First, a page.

Registration Dossier

Administrative data

Endpoint:
basic toxicokinetics in vivo
Type of information:
experimental study
Adequacy of study:
supporting study
Reliability:
1 (reliable without restriction)
Rationale for reliability incl. deficiencies:
other: Expert judgement is combined with experimental data.

Data source

Reference
Reference Type:
review article or handbook
Title:
Ecology and Toxicology of Alkyl Polyglycosides.
Author:
Willing, A. et al.
Year:
2004
Bibliographic source:
Handbook of Detergents, Part B: Environmental Impact, Uri Zoller (editor)

Materials and methods

Objective of study:
absorption
distribution
excretion
metabolism
Principles of method if other than guideline:
No guideline exists.
GLP compliance:
no

Test material

Reference
Name:
Unnamed
Type:
Constituent
Details on test material:
- Name of test material (as cited in study report): short-chain and long-chain alkyl-ß-glucosides
Radiolabelling:
yes

Test animals

Species:
mouse
Strain:
NMRI
Sex:
female
Details on test animals and environmental conditions:
no data

Administration / exposure

Route of administration:
oral: gavage
Vehicle:
not specified
Duration and frequency of treatment / exposure:
single exposure for 2 h
Doses / concentrations
Remarks:
Doses / Concentrations:
no data
No. of animals per sex per dose:
no data
Control animals:
not specified
Details on dosing and sampling:
Relevant organs were radioanalyzed to determine specific organ distribution.

Results and discussion

Toxicokinetic / pharmacokinetic studies

Details on absorption:
No data on oral absorption but it is predicted to be high.
Details on distribution in tissues:
Stomach, intestines, liver, and kidney showed the highest levels of radioactivity for both compounds. Using simple extraction methods, it was shown that alkyl polyglycosides are readily cleaved into glucose and fatty alcohol, which is further oxidized to the corresponding fatty acid and partly incorporated in normal fat metabolism. Octyl-ß-D-[U-14C] glucosides were rapidly and almost completely transformed into hydrophilic metabolites during intestine and liver passage, whereas [1, 14C]-hexadecyl-ß-D-glucosides showed a much greater tendency toward lipophilic metabolism, resulting, e.g., in preferential identification in the liver of radiolabelled palmitoyl glycerides. These findings are underlined by the fact that ß-oxidation occurs more easily in medium-chain fatty acids than in long-chain fatty acids.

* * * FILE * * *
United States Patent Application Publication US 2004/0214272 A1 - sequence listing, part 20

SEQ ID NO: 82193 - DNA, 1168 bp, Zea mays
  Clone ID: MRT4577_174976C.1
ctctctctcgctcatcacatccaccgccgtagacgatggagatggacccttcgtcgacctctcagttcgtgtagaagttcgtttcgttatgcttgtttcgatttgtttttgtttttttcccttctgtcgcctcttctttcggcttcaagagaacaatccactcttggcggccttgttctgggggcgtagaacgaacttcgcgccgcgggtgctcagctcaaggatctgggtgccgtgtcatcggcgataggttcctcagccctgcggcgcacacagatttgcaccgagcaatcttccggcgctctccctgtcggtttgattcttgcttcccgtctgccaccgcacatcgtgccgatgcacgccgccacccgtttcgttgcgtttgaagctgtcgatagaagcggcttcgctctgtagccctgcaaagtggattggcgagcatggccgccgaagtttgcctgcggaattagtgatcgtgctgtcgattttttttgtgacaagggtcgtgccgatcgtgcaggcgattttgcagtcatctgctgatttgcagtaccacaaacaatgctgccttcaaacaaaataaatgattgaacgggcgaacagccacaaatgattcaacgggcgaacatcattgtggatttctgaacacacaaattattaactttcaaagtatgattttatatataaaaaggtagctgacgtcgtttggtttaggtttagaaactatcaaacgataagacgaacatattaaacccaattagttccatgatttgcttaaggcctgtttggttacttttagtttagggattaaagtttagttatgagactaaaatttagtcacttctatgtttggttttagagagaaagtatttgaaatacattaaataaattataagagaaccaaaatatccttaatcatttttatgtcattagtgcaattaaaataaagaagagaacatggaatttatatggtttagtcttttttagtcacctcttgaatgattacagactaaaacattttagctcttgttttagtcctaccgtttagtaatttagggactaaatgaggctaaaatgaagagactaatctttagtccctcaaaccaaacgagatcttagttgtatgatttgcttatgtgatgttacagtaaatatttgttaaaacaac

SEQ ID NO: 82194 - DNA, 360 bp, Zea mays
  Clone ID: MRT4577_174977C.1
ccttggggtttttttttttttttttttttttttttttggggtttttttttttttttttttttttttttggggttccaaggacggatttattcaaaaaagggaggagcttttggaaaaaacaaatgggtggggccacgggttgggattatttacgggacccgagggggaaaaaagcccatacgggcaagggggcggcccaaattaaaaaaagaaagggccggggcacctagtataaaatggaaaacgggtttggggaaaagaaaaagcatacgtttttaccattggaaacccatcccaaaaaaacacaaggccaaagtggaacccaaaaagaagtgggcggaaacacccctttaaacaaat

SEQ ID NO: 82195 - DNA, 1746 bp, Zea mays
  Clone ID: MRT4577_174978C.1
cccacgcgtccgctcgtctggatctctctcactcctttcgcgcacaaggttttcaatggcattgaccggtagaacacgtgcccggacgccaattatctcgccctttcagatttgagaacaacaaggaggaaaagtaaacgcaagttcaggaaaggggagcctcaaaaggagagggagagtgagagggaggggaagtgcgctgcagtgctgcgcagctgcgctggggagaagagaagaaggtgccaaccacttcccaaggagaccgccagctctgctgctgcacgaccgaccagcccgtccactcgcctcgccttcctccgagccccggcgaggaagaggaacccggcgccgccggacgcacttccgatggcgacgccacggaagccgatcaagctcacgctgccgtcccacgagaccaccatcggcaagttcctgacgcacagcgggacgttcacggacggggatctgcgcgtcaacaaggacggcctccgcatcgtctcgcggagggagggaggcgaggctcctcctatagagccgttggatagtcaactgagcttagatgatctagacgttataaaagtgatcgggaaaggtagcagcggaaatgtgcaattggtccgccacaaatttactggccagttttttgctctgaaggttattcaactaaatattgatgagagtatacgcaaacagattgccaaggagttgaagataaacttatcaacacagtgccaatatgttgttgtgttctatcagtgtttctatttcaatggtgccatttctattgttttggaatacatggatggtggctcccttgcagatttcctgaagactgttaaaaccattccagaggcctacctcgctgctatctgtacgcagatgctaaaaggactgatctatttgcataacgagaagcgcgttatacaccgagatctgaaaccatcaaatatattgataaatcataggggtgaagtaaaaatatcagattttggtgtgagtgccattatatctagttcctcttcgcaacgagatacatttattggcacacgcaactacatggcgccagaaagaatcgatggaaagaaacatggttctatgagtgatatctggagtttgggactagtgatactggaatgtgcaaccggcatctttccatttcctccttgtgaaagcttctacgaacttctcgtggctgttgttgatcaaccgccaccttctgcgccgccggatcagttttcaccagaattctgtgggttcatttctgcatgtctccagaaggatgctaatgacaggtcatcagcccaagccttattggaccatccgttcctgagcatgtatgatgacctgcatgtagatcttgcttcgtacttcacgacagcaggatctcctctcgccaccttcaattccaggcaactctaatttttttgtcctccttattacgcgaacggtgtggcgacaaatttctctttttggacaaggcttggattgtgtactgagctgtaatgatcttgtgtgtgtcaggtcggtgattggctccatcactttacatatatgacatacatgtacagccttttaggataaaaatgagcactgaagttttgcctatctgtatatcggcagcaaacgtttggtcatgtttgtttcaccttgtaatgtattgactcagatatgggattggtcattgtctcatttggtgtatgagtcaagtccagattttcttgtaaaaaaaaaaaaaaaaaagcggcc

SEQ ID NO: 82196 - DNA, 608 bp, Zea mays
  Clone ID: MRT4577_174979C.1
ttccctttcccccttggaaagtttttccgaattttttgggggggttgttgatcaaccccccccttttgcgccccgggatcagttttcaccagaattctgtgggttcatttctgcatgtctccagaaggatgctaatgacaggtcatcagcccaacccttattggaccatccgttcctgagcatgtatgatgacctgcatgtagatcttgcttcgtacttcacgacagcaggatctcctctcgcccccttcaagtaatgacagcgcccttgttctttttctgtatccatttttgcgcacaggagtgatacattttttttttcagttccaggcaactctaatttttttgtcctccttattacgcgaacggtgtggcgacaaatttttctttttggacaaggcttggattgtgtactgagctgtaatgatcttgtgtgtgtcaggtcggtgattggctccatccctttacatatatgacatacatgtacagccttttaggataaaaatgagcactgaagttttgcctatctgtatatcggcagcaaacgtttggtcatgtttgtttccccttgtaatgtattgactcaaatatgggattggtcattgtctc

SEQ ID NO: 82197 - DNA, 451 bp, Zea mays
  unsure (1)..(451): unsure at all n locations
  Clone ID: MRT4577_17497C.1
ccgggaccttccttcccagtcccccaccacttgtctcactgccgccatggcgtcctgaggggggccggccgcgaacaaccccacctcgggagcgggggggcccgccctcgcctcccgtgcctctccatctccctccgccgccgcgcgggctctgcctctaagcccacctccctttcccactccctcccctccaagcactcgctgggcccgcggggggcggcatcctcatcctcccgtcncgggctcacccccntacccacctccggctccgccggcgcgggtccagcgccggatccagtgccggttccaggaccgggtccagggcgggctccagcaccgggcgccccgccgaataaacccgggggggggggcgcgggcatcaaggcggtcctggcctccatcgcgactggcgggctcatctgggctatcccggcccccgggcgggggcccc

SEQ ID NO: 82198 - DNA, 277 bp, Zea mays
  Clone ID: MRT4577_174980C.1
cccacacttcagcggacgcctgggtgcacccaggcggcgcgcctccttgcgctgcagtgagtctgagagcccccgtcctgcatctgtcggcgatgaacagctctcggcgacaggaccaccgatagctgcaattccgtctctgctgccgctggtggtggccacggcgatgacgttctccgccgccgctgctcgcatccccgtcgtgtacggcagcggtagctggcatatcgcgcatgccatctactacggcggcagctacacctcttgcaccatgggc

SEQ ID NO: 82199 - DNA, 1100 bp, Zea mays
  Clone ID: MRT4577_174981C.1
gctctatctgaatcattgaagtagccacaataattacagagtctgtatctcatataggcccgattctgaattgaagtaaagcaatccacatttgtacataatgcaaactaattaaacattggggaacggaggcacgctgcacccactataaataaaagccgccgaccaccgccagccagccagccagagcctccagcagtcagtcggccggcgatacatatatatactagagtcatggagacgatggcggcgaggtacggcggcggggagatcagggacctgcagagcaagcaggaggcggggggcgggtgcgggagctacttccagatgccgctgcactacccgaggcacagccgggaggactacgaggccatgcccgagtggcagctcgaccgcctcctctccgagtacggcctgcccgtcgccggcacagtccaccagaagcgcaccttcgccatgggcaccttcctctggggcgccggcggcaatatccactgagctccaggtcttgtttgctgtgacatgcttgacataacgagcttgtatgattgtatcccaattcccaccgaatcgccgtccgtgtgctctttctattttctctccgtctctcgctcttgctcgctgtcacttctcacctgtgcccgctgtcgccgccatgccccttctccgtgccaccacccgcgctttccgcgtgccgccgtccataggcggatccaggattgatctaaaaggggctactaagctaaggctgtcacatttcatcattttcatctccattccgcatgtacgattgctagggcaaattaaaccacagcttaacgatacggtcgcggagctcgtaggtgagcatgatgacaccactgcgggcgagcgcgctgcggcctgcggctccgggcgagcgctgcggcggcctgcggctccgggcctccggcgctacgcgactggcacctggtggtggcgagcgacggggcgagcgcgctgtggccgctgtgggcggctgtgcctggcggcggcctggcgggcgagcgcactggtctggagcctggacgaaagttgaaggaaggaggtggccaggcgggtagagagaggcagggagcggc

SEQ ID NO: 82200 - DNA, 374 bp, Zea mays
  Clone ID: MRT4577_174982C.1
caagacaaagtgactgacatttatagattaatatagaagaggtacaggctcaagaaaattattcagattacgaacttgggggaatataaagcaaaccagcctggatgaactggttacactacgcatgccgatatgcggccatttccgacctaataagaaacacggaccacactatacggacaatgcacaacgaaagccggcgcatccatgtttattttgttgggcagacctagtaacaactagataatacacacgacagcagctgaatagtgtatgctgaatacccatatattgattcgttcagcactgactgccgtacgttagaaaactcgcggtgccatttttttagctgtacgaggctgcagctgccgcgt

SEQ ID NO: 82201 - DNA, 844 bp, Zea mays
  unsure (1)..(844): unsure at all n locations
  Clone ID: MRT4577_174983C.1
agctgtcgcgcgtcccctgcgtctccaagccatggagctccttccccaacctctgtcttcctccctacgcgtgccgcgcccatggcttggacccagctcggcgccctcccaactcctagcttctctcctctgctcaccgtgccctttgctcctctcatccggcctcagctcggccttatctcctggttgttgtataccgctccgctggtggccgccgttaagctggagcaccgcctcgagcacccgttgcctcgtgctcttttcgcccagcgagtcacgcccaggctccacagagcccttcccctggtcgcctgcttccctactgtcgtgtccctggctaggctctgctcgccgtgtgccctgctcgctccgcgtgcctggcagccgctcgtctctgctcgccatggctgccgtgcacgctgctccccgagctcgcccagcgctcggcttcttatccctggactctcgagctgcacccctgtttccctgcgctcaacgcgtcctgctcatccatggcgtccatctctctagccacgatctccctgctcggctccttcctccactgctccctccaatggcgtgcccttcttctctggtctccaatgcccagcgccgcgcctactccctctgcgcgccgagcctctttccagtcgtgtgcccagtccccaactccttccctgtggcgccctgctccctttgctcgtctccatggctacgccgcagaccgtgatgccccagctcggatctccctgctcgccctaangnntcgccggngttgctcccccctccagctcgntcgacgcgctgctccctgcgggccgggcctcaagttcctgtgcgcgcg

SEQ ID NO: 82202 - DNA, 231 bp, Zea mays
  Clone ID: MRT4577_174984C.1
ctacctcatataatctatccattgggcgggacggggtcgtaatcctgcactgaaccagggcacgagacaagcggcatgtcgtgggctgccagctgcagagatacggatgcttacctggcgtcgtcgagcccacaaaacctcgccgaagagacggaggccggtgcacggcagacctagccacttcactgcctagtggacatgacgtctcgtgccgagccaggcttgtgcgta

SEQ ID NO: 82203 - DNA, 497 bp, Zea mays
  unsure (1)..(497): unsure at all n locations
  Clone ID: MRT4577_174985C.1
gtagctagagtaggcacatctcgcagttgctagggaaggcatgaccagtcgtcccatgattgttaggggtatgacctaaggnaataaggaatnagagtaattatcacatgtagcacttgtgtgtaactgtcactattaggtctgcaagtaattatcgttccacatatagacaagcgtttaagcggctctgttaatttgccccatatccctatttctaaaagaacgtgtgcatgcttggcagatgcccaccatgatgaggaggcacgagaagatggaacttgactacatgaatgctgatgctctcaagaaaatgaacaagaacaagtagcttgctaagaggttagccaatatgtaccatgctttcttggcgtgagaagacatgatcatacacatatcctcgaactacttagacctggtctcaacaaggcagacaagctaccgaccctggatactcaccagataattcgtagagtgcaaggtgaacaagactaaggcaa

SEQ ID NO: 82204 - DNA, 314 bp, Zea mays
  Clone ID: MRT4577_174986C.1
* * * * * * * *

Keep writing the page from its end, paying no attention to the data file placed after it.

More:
Details on excretion:
The hydrolysis of Alkylpolyglucosides as well as the oxidised metabolites are very polar and will be excreted rapidly via urine.

Metabolite characterisation studies

Metabolites identified:
not measured
Details on metabolites:
Alkylpolyglucosides will undergo hydrolysis. The resulting molecules, glucose and fatty alcohol, which is further oxidized to the corresponding fatty acid are incorporated in the citrus cycle and partly in normal fat metabolism, respectively.

Applicant's summary and conclusion

Conclusions:
Interpretation of results (migrated information): no bioaccumulation potential based on study results
Alkylpolyglucosides are predicted to be bioavailable via the oral route.
Alkylpolyglucosides undergo stepwise hydrolysis into glucose and fatty alcohol, which is further oxidized to the corresponding fatty acid are incorporated in the citrus cycle and partly in normal fat metabolism, respectively.
Excretion is assumed to occur mainly via renal elimination. Tissue accumulation can be excluded.